While the actual application of paint for this figure over the grey primer has been a pleasant experience, the research to get the uniformology accurate has caused me some headaches. As ever, English language sources have proved inaccurate or, to be more precise, incomplete and ambiguous. For example, take the simple matter of how eagle guards were selected. Lots of English references blithely state that they were the regiment’s senior NCOs. But what does that mean? It was only by going to French sources, courtesy of Peter F. and Paul Meganck, that I was able to get some clarity on the matter. It turns out that the NCOs of the regiment would elect two from their own ranks for these prestigious roles.

That means that the eagle guards could come from any company – fusilier, grenadier or voltigeur – which goes some way to explaining some of the lentille/pompom variants I’ve seen in illustrations in English language books. This lentille/pompom business caused me problems because, on the basis of my early research using English sources, I’d errantly assumed that the whole eagle party was part of the regimental command and thus the lentilles/pompoms of the eagle guards should be white and that’s how I initially painted it on this figure. My subsequent French sources put me right on that: the eagle guards typically retained their company distinctions, so I opted to give this chap a green lentille. The two reasons for doing this were that I wanted to have a nice contrast with with canvas shako colour I’d already painted and I wanted to try out a particular triad of green paints (when I finish a few of the command figures, I’ll produce a little painting guide to the paints I used).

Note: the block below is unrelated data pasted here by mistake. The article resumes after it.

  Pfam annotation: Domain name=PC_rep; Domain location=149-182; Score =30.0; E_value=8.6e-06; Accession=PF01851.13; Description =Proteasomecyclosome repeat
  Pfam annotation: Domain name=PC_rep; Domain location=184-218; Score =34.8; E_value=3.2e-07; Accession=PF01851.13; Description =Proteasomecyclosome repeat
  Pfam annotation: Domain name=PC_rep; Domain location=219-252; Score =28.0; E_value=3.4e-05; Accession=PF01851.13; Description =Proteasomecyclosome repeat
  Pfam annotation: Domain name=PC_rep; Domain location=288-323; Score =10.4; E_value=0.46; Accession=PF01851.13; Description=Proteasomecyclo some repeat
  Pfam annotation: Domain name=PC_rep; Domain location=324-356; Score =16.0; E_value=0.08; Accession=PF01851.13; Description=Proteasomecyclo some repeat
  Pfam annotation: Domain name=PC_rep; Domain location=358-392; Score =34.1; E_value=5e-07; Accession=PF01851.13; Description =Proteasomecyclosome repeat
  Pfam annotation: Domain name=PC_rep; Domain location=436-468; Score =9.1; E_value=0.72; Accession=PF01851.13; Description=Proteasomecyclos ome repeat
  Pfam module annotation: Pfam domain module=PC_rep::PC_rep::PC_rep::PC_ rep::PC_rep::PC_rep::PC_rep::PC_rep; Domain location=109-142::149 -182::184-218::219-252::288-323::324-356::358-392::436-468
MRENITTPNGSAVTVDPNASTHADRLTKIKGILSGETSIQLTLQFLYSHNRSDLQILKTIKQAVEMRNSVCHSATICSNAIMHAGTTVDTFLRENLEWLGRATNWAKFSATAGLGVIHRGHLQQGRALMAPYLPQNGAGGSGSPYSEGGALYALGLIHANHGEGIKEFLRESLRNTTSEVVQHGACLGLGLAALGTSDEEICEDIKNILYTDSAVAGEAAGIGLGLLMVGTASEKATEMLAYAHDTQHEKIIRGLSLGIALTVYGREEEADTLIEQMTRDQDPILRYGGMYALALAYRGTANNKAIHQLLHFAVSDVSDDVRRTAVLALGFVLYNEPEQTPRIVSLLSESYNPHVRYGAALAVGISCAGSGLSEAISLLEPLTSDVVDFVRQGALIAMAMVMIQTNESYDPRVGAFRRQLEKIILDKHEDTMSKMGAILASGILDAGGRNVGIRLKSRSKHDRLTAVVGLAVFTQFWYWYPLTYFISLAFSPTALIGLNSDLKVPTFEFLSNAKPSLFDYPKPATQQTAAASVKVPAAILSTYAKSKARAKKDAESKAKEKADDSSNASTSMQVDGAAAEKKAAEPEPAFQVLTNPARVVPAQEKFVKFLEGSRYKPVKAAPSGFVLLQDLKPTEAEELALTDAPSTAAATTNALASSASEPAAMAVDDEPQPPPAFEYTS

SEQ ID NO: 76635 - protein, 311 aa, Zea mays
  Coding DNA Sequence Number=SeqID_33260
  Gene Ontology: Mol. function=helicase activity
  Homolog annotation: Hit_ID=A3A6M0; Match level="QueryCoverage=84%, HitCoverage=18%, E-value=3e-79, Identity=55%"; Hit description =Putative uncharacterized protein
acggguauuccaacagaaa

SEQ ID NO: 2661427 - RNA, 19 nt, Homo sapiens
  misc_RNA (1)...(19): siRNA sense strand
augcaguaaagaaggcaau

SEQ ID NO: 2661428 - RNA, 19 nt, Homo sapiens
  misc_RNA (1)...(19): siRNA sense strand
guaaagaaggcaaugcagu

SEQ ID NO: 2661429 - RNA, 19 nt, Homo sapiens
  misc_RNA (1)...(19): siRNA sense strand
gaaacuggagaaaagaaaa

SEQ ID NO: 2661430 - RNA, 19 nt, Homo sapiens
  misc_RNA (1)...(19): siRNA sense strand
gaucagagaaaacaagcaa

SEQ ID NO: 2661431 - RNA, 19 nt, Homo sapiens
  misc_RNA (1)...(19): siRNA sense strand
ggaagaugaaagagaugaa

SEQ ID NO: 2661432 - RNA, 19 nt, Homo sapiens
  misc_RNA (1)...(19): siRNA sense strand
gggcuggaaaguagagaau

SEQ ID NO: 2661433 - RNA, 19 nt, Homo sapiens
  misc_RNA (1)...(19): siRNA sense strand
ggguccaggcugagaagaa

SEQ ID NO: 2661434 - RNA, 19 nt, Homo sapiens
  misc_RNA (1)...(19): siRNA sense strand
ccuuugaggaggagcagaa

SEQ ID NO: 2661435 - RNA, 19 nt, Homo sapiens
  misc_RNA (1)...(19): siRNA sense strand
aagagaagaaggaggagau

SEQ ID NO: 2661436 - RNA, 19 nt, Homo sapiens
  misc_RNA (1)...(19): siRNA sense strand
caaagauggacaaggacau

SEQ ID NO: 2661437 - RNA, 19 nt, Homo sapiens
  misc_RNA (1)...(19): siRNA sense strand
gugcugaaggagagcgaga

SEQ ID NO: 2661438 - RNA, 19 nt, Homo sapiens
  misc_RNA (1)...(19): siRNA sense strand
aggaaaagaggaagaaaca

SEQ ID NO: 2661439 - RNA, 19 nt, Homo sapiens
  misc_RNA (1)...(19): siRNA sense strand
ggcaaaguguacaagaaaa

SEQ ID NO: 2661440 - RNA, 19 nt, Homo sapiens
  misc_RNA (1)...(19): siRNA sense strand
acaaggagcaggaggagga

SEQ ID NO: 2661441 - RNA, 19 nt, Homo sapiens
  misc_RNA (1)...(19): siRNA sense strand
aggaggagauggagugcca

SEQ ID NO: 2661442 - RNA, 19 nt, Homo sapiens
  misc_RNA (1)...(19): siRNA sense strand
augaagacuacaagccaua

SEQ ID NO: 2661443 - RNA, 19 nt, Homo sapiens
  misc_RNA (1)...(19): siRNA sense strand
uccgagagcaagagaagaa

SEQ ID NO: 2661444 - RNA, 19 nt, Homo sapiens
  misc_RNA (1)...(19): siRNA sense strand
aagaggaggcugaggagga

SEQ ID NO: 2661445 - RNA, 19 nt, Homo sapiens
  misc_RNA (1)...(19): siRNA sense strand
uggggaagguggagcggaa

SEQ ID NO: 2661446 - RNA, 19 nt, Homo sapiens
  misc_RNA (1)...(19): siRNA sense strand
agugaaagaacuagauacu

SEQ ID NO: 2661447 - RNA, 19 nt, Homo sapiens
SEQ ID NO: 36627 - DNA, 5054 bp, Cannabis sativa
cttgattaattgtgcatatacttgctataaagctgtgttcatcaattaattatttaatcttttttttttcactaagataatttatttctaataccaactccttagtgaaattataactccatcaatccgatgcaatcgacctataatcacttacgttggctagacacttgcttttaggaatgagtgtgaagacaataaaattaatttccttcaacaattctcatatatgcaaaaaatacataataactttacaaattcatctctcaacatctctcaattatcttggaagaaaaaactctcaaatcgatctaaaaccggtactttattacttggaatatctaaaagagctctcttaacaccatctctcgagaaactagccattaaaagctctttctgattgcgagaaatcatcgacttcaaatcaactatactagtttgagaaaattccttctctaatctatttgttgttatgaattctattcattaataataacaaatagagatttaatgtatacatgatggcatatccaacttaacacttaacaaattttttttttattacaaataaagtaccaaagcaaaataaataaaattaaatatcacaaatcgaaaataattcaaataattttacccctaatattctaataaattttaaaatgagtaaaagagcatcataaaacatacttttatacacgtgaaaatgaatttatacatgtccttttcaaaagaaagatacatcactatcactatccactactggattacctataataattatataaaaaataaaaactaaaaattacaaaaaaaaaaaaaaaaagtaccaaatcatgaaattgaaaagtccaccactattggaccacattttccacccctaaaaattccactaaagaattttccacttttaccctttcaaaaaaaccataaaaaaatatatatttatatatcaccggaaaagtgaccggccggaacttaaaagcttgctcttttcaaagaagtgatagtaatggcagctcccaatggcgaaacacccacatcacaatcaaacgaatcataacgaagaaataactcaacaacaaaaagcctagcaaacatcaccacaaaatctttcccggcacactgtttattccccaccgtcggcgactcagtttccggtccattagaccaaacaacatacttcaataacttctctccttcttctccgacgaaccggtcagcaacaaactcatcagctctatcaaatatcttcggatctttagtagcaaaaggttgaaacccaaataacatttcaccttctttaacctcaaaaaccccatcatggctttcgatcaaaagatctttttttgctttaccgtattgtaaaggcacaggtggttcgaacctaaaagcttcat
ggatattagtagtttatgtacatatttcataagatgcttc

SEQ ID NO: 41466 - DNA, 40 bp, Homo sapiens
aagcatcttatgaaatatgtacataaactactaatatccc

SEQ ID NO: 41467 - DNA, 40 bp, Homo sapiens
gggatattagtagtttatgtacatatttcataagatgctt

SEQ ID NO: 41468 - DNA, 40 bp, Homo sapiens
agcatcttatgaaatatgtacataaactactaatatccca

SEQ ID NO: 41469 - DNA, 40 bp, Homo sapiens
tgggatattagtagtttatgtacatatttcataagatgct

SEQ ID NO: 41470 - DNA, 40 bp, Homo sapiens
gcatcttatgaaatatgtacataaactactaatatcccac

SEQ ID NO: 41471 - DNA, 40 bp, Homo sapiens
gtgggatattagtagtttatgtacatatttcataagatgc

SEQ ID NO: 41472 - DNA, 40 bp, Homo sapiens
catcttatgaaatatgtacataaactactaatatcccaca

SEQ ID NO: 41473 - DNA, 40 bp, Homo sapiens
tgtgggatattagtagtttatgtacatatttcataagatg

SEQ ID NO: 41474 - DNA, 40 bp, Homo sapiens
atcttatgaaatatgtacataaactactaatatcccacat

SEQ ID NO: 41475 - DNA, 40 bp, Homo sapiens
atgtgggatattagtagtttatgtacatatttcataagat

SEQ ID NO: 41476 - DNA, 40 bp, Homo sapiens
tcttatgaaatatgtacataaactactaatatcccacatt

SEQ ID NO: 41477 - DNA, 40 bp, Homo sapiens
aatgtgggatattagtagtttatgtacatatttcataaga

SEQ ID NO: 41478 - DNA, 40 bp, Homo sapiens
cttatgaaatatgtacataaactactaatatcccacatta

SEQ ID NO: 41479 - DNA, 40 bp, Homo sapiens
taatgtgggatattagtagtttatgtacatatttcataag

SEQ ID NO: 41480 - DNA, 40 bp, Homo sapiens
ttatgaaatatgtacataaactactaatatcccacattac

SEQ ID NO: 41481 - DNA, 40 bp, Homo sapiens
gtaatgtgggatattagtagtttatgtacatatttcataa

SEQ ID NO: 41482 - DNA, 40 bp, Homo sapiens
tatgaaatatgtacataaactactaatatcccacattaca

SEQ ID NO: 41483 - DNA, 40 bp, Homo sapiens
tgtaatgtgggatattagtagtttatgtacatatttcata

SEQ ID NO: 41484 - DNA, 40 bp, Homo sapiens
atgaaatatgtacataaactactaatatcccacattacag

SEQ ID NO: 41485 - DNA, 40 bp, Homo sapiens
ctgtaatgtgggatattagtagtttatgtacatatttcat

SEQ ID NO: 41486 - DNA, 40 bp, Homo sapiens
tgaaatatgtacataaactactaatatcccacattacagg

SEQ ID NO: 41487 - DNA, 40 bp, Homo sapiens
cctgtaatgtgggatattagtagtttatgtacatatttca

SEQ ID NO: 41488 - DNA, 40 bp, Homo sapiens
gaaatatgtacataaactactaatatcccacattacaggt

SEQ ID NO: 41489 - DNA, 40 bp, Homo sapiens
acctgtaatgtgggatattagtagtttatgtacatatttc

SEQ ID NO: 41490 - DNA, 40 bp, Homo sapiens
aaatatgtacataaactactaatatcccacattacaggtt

Another area that caused me to scratch my head was the insignia on the sleeves of the figure. Here Peter has sculpted what look like rank insignia and long service chevrons but this is a miniature minefield for the unwary! The bars on the forearms are indeed conventional rank markings but watch out for those chevrons on the upper left arm – they aren’t the typical red long-service chevrons. Oh no! I was in for another bout of repainting when I examined French sources. To be specific, Rigo (Le Plumet) Plate 116 which covers the eagle party of the 46th line regiment. Here I learned that a decree of 25th December 1811 ordered the wearing of four gold chevrons on the right sleeve and the two gold stripes of the rank of sergeant major. Rigo, however, as befits such a note expert, acknowledges that things weren’t always so clear cut and mentions a plate in the Hamburg Collection that shows an eagle guard wearing three gold chevrons on each arm! Notice how Peter F. has sculpted these chevrons on the left sleeve, just for even more confusion, because many sources show them there rather than in the regulation position on the right. And don’t get me started on the correct colouring for the epaulettes…